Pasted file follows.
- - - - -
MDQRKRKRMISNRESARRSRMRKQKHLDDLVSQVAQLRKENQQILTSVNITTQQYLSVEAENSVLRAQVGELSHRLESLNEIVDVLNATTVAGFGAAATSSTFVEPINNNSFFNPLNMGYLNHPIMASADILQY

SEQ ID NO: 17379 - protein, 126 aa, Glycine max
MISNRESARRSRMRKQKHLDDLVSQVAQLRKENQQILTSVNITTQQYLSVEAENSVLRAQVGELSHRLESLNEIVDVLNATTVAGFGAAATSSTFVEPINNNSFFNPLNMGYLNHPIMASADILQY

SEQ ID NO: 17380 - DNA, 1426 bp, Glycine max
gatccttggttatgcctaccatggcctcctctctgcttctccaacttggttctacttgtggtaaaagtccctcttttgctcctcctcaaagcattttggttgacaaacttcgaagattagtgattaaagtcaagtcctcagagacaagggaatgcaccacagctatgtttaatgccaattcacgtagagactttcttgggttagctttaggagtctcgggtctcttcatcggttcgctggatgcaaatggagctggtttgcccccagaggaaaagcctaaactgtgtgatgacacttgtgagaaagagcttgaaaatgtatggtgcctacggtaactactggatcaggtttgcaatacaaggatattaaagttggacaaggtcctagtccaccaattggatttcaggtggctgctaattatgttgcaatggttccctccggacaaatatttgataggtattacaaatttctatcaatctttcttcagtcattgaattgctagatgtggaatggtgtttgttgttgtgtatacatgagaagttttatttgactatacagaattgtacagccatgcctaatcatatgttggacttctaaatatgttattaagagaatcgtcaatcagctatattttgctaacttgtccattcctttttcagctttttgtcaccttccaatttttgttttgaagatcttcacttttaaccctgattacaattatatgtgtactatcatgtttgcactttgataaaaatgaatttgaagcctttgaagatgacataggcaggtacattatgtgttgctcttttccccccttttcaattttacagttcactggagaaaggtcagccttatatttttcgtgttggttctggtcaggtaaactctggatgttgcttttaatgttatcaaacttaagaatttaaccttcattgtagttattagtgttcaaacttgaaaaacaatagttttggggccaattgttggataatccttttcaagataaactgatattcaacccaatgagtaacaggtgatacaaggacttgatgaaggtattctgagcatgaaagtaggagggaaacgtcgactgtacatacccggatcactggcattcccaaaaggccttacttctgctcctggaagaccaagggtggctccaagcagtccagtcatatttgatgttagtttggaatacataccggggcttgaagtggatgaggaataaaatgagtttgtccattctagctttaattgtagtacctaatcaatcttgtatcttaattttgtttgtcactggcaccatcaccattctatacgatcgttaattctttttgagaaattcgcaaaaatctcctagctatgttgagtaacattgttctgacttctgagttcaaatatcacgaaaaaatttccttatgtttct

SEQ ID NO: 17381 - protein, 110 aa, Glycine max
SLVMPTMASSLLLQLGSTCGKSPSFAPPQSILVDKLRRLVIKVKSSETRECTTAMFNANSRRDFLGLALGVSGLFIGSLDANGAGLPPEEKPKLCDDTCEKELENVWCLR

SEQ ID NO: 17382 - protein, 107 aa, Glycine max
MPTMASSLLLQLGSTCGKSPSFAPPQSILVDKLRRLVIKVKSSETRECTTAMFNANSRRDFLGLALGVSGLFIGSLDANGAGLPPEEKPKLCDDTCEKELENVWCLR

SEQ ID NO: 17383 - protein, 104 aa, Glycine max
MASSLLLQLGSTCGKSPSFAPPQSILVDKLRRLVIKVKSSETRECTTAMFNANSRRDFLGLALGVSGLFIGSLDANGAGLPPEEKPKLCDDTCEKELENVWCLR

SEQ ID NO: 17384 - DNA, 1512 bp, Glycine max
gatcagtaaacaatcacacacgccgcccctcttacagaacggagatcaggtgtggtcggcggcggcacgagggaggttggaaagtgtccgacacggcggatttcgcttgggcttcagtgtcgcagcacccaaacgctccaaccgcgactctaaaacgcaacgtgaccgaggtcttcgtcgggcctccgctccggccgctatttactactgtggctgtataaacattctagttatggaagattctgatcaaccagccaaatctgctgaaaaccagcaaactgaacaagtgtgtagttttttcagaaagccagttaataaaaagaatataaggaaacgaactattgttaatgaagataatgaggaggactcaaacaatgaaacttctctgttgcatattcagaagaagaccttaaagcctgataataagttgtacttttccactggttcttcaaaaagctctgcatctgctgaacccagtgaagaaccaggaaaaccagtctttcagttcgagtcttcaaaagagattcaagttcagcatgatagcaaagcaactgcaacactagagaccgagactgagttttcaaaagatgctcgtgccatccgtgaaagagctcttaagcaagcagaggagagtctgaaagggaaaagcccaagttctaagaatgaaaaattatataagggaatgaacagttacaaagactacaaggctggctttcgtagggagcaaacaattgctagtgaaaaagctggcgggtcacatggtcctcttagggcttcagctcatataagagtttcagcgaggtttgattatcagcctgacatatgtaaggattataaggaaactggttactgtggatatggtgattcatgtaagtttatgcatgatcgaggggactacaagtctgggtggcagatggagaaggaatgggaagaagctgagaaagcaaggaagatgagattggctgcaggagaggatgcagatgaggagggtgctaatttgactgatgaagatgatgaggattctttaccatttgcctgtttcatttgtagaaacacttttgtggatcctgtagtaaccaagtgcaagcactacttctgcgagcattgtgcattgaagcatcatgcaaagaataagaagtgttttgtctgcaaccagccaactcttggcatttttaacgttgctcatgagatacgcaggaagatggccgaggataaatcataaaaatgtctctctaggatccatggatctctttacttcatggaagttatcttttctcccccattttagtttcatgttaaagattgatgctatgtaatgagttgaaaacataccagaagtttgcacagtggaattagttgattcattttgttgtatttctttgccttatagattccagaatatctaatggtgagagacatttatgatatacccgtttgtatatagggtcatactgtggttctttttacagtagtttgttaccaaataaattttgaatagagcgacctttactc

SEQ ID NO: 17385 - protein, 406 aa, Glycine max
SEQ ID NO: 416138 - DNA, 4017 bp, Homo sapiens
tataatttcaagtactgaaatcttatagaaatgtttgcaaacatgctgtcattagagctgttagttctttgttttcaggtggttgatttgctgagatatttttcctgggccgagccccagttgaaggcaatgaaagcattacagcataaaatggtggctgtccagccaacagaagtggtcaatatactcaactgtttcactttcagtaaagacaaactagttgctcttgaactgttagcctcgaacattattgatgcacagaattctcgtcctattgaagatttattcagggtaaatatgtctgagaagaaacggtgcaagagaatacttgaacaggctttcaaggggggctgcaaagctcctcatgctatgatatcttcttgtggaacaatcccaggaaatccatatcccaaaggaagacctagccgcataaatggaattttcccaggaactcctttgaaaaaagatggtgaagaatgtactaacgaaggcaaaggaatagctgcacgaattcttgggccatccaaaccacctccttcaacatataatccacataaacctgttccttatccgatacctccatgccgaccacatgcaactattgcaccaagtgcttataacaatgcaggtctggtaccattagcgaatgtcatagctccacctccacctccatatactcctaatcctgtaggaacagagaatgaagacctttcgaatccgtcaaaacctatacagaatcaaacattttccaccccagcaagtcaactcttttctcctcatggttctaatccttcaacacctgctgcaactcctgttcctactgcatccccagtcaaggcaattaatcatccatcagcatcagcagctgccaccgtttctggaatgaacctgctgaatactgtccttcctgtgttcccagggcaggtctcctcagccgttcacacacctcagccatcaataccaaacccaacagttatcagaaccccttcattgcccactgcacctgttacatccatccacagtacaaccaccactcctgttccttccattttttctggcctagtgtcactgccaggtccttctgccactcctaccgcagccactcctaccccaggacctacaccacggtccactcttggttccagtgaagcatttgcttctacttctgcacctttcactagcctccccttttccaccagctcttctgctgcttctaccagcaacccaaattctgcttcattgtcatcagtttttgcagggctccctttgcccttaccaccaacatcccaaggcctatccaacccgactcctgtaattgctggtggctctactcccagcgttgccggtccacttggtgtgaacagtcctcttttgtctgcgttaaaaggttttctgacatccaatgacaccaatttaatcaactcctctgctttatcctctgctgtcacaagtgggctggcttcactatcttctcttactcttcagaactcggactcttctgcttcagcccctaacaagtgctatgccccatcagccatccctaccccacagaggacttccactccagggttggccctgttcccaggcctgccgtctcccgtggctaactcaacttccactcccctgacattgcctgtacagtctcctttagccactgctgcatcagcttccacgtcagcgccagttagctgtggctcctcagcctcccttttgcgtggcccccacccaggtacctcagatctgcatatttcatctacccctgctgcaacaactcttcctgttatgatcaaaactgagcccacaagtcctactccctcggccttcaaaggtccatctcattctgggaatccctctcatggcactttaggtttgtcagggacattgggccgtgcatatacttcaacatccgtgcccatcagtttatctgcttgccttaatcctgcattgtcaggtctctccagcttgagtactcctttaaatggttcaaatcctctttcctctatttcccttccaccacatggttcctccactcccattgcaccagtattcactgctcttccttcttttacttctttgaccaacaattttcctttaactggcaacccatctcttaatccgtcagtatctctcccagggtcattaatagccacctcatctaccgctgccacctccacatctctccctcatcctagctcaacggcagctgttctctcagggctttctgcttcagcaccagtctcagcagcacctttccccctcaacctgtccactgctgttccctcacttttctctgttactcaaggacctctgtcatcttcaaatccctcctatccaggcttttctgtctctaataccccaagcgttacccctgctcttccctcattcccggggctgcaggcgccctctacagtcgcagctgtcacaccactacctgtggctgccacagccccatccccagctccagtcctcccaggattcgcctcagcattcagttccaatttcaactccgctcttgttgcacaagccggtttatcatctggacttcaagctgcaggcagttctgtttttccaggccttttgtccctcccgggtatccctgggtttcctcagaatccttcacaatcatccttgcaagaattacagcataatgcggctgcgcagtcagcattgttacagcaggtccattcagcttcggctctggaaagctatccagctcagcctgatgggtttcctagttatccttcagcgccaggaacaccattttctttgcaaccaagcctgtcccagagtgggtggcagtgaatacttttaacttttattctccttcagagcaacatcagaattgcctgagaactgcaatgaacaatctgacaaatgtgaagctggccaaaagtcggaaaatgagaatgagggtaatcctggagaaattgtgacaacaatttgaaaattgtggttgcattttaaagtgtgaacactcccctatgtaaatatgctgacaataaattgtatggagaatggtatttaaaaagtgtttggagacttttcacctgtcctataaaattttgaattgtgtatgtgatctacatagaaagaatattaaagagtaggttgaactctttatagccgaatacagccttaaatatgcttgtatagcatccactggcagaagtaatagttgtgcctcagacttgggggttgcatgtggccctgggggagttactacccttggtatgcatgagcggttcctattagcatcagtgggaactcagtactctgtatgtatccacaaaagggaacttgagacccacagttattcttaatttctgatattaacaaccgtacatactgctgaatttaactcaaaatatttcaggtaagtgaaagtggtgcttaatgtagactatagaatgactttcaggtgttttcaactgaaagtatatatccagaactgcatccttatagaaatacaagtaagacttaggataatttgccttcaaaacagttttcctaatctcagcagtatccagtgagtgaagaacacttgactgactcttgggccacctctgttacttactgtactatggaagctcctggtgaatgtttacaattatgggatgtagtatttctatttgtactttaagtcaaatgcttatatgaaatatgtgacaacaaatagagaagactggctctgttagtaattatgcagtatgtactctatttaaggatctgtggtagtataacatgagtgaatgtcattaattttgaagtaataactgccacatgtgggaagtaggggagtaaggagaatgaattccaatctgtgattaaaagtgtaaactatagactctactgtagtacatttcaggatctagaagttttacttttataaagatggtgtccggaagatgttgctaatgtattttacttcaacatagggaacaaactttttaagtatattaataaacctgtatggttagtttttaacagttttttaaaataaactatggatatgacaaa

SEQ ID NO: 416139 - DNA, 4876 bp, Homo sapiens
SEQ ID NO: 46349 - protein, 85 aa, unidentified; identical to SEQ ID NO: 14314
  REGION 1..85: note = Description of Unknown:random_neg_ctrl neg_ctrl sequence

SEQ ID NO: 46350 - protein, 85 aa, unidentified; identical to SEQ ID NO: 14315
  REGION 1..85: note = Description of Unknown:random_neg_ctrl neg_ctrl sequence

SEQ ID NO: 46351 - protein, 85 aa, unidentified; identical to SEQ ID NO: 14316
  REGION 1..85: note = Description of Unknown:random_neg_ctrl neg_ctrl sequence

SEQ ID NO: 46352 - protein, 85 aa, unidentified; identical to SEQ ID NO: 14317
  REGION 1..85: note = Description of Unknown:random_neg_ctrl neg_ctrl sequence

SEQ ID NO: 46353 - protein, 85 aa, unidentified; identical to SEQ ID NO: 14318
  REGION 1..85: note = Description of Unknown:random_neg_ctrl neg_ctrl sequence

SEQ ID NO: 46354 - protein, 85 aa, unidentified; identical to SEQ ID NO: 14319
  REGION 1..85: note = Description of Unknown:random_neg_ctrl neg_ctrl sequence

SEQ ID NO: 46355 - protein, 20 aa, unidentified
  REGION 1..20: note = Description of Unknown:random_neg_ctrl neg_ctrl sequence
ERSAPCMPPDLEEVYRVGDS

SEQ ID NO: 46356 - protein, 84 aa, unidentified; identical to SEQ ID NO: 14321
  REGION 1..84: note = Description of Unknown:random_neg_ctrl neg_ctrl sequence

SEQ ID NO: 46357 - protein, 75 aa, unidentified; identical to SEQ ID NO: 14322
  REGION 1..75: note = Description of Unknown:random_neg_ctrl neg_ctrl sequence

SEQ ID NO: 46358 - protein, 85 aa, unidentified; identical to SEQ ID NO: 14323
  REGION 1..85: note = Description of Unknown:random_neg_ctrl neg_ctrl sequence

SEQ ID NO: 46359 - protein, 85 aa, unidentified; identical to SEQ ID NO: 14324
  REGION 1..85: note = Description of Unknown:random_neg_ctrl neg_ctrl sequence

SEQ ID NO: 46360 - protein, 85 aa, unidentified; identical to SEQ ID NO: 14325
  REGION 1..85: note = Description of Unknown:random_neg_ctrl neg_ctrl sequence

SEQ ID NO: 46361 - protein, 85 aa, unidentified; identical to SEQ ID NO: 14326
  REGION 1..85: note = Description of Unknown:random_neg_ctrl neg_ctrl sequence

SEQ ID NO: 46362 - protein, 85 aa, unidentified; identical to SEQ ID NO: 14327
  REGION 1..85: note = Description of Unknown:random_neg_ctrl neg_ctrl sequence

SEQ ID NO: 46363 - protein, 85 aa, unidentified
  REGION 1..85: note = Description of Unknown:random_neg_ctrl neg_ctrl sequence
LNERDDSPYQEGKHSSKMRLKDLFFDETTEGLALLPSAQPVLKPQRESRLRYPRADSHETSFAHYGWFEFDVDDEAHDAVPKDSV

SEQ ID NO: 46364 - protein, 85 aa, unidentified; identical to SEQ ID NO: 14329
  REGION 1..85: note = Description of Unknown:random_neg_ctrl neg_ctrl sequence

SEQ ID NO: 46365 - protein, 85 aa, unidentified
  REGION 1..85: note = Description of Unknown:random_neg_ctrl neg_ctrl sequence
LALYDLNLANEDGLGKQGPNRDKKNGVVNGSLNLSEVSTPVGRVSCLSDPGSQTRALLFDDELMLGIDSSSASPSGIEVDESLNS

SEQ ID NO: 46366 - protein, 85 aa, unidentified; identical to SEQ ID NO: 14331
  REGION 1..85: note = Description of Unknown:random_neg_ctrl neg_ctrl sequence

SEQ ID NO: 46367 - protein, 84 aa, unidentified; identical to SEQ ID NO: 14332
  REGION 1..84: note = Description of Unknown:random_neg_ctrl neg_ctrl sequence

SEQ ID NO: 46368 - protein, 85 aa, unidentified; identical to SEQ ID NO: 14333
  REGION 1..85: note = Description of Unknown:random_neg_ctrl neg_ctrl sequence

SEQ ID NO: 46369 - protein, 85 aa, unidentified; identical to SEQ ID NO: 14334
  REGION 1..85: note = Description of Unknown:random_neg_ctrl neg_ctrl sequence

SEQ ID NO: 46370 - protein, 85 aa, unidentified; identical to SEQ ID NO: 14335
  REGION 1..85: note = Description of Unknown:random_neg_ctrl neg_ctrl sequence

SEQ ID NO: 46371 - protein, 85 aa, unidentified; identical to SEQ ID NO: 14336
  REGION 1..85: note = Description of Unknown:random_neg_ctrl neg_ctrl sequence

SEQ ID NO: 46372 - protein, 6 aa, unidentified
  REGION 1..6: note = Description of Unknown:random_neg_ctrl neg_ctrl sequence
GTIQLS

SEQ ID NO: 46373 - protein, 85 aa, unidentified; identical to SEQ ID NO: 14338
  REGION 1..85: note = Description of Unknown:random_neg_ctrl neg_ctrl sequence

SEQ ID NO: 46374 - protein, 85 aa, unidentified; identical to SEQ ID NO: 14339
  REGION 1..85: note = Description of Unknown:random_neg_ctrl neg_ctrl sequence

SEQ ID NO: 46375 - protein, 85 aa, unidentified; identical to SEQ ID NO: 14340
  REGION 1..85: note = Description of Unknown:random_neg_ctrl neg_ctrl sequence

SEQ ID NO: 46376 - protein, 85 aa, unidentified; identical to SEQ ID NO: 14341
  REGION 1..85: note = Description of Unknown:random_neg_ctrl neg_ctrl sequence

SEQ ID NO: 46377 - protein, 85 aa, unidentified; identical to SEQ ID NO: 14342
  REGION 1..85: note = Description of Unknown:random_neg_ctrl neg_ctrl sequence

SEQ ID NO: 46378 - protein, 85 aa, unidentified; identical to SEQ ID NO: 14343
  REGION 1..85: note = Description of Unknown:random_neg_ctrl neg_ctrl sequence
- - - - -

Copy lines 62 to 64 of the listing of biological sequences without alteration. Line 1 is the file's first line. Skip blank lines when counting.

  REGION 1..85: note = Description of Unknown:random_neg_ctrl neg_ctrl sequence

SEQ ID NO: 46370 - protein, 85 aa, unidentified; identical to SEQ ID NO: 14335
  REGION 1..85: note = Description of Unknown:random_neg_ctrl neg_ctrl sequence